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Marketability Studies Can Reveal Demand for Apartments: The Appraisal Journal

September 23, 2013 08:00 AM

CHICAGO (Sept. 24, 2013) – Marketability studies by real estate appraisers can provide essential insight into demand trends and factors impacting the success or failure of future apartment developments, according to an article published last week in The Appraisal Journal.

The Appraisal Journal is the quarterly technical and academic publication of the Appraisal Institute, the nation’s largest professional association of real estate appraisers. The materials presented in the publication represent the opinions and views of the authors and not necessarily those of the Appraisal Institute.

Analyzing case studies in Arkansas and Mississippi market areas, “The Art of Marketability Studies: Analysis of Demand Components in Multifamily Markets” by Jeff Siebold, MAI, examines factors that impact local demand for apartments. Each market study was undertaken to help a developer decide whether there was demand for new apartments and what kind of factors influenced the demand. 

While existing housing supply has typically been the easiest market factor to measure, it is not always the prime indicator of success of future developments. Siebold writes that demand drivers – such as rent levels, floor plans and job growth – are equally important and should be analyzed in explaining the performance of current and future multifamily properties.

The article presents a case study that analyzes the Gulfport-Biloxi market in 2008, when it was still heavily impacted by Hurricane Katrina. Homes and apartments were destroyed, reducing the available rental housing stock, but many families had moved from the area in the aftermath of the devastation. The study revealed the monthly rent for new rental housing was inelastic and affordability of apartment units was the key demand driver in this market.

Another case study looks at how the construction of a Toyota assembly plant was likely to increase demand for multifamily development in the Tupelo market in 2007. The author states that although this area of the country had a flat household-demand pattern for many years, historical data from other markets that experienced similar, sudden employment growth helped predict the most likely trends of future demand patterns.

The article concludes that although the existing supply has typically been the easiest to measure -- and is often interpreted as a prime indicator of the future performance of a proposed real estate development – the demand drivers in a market are equally important and should be used to explain the performance of the existing supply of real estate properties.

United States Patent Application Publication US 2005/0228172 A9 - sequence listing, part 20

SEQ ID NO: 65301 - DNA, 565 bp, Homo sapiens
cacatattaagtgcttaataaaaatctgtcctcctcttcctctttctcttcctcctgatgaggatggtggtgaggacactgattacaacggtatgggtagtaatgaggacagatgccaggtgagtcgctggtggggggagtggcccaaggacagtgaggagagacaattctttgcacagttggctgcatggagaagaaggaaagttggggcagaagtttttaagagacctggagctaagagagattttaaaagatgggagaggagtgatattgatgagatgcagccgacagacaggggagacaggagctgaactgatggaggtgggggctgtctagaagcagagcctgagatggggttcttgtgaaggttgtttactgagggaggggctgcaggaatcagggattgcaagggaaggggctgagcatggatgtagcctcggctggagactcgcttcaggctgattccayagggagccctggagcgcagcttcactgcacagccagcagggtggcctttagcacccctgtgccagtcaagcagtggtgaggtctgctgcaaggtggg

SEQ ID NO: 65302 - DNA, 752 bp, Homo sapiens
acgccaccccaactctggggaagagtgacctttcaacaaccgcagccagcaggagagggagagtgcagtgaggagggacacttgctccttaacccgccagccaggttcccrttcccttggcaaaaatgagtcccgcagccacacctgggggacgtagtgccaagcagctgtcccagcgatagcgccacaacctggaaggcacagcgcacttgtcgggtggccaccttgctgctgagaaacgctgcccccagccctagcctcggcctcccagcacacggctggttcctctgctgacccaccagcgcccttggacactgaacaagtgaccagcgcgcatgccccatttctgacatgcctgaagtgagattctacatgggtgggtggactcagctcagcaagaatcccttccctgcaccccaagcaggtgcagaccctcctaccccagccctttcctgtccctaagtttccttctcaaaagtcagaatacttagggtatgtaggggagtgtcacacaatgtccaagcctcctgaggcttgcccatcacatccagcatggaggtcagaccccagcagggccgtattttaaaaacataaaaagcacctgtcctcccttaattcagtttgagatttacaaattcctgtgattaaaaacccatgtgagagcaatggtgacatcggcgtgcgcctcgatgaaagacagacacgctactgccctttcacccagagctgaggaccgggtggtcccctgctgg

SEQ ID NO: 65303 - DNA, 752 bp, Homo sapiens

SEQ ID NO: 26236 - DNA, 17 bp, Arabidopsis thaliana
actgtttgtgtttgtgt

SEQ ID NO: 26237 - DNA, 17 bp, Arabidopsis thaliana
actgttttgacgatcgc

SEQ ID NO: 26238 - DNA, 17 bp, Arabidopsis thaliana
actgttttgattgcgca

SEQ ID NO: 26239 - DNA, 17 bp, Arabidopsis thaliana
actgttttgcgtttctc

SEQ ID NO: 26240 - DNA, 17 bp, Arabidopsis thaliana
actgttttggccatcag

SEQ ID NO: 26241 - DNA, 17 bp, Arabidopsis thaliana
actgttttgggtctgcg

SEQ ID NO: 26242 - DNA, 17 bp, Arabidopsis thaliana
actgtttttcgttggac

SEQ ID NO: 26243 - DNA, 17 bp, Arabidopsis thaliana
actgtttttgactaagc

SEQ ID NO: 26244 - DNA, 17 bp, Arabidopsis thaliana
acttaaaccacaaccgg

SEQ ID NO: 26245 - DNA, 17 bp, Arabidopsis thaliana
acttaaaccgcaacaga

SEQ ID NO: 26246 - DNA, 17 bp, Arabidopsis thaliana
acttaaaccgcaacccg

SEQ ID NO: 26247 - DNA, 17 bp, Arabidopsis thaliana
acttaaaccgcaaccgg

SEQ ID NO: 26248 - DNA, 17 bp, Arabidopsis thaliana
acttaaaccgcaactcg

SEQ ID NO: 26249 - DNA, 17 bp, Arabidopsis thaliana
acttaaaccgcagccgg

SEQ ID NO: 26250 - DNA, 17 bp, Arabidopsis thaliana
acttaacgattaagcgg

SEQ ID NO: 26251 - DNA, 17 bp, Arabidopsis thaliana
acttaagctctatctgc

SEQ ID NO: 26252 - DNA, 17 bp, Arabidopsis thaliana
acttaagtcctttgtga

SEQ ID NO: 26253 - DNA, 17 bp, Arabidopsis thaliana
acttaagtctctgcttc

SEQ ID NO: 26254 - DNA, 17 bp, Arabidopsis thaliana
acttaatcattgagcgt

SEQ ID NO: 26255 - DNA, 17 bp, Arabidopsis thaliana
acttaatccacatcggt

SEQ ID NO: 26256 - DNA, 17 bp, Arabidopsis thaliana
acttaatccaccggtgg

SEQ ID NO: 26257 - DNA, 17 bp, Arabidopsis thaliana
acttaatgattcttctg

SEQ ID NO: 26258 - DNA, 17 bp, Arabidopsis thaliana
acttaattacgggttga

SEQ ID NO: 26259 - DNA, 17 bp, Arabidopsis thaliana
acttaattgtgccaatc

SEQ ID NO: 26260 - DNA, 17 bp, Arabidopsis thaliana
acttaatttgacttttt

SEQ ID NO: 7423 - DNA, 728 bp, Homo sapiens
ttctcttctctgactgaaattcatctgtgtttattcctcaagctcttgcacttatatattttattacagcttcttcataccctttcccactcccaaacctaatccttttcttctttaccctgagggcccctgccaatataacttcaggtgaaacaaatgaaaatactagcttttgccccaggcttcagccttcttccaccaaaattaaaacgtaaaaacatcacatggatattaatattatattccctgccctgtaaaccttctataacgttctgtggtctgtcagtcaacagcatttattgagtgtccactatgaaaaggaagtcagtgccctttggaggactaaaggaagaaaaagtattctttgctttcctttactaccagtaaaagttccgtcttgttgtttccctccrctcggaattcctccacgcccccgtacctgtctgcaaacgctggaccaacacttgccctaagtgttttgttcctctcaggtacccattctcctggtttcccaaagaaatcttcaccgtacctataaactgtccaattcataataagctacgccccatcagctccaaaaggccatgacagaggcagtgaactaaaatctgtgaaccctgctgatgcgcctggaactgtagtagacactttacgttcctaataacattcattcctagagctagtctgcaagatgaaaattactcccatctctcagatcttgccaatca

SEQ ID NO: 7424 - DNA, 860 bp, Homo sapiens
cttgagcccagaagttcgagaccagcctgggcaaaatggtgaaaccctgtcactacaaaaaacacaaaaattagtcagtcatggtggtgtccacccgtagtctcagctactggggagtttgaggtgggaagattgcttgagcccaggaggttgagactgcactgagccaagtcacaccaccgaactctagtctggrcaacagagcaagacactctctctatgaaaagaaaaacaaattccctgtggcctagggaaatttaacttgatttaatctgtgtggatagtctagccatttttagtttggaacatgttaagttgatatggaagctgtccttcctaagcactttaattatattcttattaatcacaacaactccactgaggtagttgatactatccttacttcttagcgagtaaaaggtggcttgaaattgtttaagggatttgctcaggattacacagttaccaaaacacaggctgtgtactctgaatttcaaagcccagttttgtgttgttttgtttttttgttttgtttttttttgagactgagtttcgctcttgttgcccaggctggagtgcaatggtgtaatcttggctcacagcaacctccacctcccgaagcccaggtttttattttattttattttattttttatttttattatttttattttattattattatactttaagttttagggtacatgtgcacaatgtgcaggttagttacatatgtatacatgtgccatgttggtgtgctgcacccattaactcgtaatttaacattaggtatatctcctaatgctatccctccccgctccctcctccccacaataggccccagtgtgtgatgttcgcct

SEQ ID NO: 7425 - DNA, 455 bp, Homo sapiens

Siebold is a commercial appraiser based in southeast North Carolina specializing in complex multifamily properties. He holds an MBA degree with a concentration in business and computer systems management. He also holds both the MAI and CCIM designations.

Read “The Art of Marketability Studies: Analysis of Demand Components in Multifamily Markets” in the Summer 2013 issue of The Appraisal Journal.

Also in The Appraisal Journal’s Summer 2013 issue:

“One Step Further – Implementing the Recommendations of Guide Note 12,” by Kerry M. Jorgensen, MAI, and Stephen F. Fanning, MAI, introduces practical ways the recommendations in Appraisal Institute Guide Note 12 can be implemented into everyday appraisal assignments.

“Options in Real Estate Valuation,” by Mark Pomykacz, MAI, and Chris Olmsted examines how finance options models can apply to real estate and decision making related to real estate development.

“Self Storage Economics,” by R. Christian Sonne, MAI, analyzes recent self storage trends and examines why self storage has evolved from an interim property use to a core investment asset class.

 

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Subscribe to the Appraisal Institute’s RSS feed to stay connected with the latest news from the Appraisal Institute, and follow us on Facebook, Twitter, LinkedIn, YouTube and our blog, Opinions of Value.

The Appraisal Institute is a global professional association of real estate appraisers, with nearly 23,000 professionals in almost 60 countries throughout the world. Its mission is to advance professionalism and ethics, global standards, methodologies, and practices through the professional development of property economics worldwide. Organized in 1932, the Appraisal Institute advocates equal opportunity and nondiscrimination in the appraisal profession and conducts its activities in accordance with applicable federal, state and local laws. Individuals of the Appraisal Institute benefit from an array of professional education and advocacy programs, and may hold the prestigious MAI, SRPA and SRA designations. Learn more at www.appraisalinstitute.org.
 

 

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